The overwhelming majority of Americans don’t understand basic health care concepts. In a Carnegie Mellon research survey, only 14% of consumers adequately understood four of the most common terms in health care: copays, co-insurance, deductible and out-of-pocket maximum, “yet those are the very dimensions that people are making very important, financially meaningful benefits decisions [about], says Doug Ghertner, CEO of Change Healthcare.

As employers shift toward high-deductible health plan designs, they need to explain these benefits clearly so employees now holding the purse strings can become savvy health care consumers. In this day and age, technology allows employers to personalize benefits communication and reach an even wider swath of their population.

“Tech is an enabler, it allows us to scale messaging,” says Arielle Bogorad, director of worldwide benefits and wellness at Cerner. The health care information technology company uses innovative technology outreach – personalized in ways not previously available -- with its 9,000 employees based in Kansas City.

Cerner primarily uses engagement alerts that target relevant groups for colonoscopies, mammograms, and other common and recurring services. It also uses the system to try to improve medication adherence in a population, and support preventive or wellness initiatives. These “Ways to Save” alerts concretely show employees how they can save money on health care based on their care usage and the benefit plan’s offerings. The messages also can show participants the top five providers in their area and what price range they offer for services.

“We believe that you create a consumer by educating them about variability and cost and the fact that they can do something about it on the common and recurring things,” says Ghertner of the Change Healthcare program it implemented for Cerner. "Cost is very tangible," he adds, and provides a good opportunity to engage employees.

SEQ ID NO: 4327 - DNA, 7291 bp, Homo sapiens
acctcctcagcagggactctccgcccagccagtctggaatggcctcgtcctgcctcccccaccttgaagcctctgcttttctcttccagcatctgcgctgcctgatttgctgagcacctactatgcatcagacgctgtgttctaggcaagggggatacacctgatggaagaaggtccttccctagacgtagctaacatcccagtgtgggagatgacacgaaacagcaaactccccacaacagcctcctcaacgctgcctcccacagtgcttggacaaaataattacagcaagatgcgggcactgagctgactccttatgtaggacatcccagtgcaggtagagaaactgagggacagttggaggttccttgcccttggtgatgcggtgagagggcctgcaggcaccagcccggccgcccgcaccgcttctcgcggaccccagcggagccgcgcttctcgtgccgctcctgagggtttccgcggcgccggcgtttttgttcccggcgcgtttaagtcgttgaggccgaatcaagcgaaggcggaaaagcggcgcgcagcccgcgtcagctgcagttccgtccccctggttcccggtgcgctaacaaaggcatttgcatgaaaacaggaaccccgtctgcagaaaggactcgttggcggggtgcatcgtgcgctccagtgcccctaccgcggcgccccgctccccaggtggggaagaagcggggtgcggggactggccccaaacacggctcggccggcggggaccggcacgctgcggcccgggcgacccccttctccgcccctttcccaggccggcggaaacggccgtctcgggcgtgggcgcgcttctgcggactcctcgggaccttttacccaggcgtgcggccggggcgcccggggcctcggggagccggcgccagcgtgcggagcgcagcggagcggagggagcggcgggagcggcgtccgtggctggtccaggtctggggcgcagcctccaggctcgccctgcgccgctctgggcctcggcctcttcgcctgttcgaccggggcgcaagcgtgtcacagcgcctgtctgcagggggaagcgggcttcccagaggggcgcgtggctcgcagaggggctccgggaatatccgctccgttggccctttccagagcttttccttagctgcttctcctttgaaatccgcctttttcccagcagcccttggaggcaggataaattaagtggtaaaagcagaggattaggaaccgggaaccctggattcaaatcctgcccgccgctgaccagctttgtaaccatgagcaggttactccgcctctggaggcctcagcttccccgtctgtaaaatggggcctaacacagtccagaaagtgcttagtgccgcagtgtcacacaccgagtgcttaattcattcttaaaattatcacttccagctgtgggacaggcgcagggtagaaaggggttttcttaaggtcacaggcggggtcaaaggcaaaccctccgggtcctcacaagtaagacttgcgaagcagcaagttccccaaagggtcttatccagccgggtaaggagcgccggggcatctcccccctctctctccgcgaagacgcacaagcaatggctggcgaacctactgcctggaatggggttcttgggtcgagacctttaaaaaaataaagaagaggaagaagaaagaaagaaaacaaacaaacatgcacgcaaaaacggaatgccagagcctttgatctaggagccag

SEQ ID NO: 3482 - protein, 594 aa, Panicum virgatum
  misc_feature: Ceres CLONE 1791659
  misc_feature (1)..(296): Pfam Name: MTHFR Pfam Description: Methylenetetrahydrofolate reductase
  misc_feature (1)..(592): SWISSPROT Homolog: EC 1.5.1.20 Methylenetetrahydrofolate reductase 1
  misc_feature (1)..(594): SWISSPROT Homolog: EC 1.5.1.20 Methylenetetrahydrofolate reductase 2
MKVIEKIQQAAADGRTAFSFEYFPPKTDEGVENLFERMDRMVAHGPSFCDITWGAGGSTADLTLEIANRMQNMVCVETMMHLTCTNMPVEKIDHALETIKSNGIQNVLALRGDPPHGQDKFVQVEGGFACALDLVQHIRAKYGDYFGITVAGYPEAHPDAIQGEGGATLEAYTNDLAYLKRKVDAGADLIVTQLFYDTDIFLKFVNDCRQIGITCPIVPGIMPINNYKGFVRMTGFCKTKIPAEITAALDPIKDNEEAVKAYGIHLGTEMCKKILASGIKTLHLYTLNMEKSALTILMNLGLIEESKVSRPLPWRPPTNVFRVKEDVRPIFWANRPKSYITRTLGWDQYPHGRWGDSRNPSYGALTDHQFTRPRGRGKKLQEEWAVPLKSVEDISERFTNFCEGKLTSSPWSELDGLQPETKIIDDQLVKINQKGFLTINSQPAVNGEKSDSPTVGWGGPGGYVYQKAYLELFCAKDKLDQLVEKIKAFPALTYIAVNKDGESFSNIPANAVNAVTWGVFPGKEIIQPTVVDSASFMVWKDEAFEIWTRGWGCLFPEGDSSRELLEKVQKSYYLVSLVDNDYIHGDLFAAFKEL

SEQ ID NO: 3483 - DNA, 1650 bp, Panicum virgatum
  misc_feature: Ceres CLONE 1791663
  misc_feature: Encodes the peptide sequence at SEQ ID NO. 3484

So far, 80% of Cerner associates have received a “Ways to Save" alert, and of those, 66% of the push notifications were acted on, allowing employees to save money on a prescription drug or dental service, for example. On average, the company has saved $516 per purchaser per year.

Further, participants are four times more likely to shop around for health care when they read these alerts, according to Change Healthcare, meaning they are more likely than those who didn’t receive alerts to proactively research prices and service details for bigger ticket items through the vendor’s tool at a later date.

Real-time feedback

Because the tailored messaging gives participants personalized information, the alerts highlight meaningful savings that are relevant for that individual. Through the alerts, Cerner improved first-time utilization at its onsite pharmacy by 31%, and 22% of onsite clinic users took advantage of the benefit for the first time. 

“The tech helps to personalize [the message] and give people a platform to interact with their health and wellness, which wasn’t possible before," says Bogorad. 

Employees can give real-time feedback on the program and other benefits through the company’s social page, which “allows us to continually make changes and augment the program to better serve the needs of our associates," says Bogorad.

Being a health care technology company, Cerner constantly thinks “about how to leverage tech to personalize your journey and help you become a health care consumer. That may differentiate us from other employers in the benefits space because it aligns with our DNA as a company,” Bogorad says. “We think of ourselves as a living lab, so we’re given the latitude to test new technologies and ideas. Our philosophy is ‘if you’re going to fail, fail fast,’ so we’re a very a dynamic environment.”

Health care is personal

Cerner even built new state-of-the-art fitness centers with the most technologically advanced gym equipment on the market at two of its locations. A fitness coach creates a personalized workout for the employee and inputs the routine on a key. The individual simply inserts the key into the equipment and their tailored gym training guides them through each workout. Coaches can track the member’s workout and send alerts if they haven’t been to the gym recently or aren’t moving as fast as the last session.

“We believe that health care is personal, but it can sometimes take a lot of manpower to make it personal, so we leverage tech to help make it personal," says Bogorad.

Ghertner believes companies will embrace more personalization through technology in the future.

“I think there will continue to be this trend towards consumerism, and not just on the financial dimension, but in how we determine the key decision points that matter to the individual and how we craft a user experience that allows someone to tailor their purchase to those specific attributes,” he says.

And as consumers continue to make more educated benefits and health decisions, technology will only play a larger role in employers’ outreach campaigns, enabling them to reach more people and tailor the information to each individual’s needs and lifestyle.

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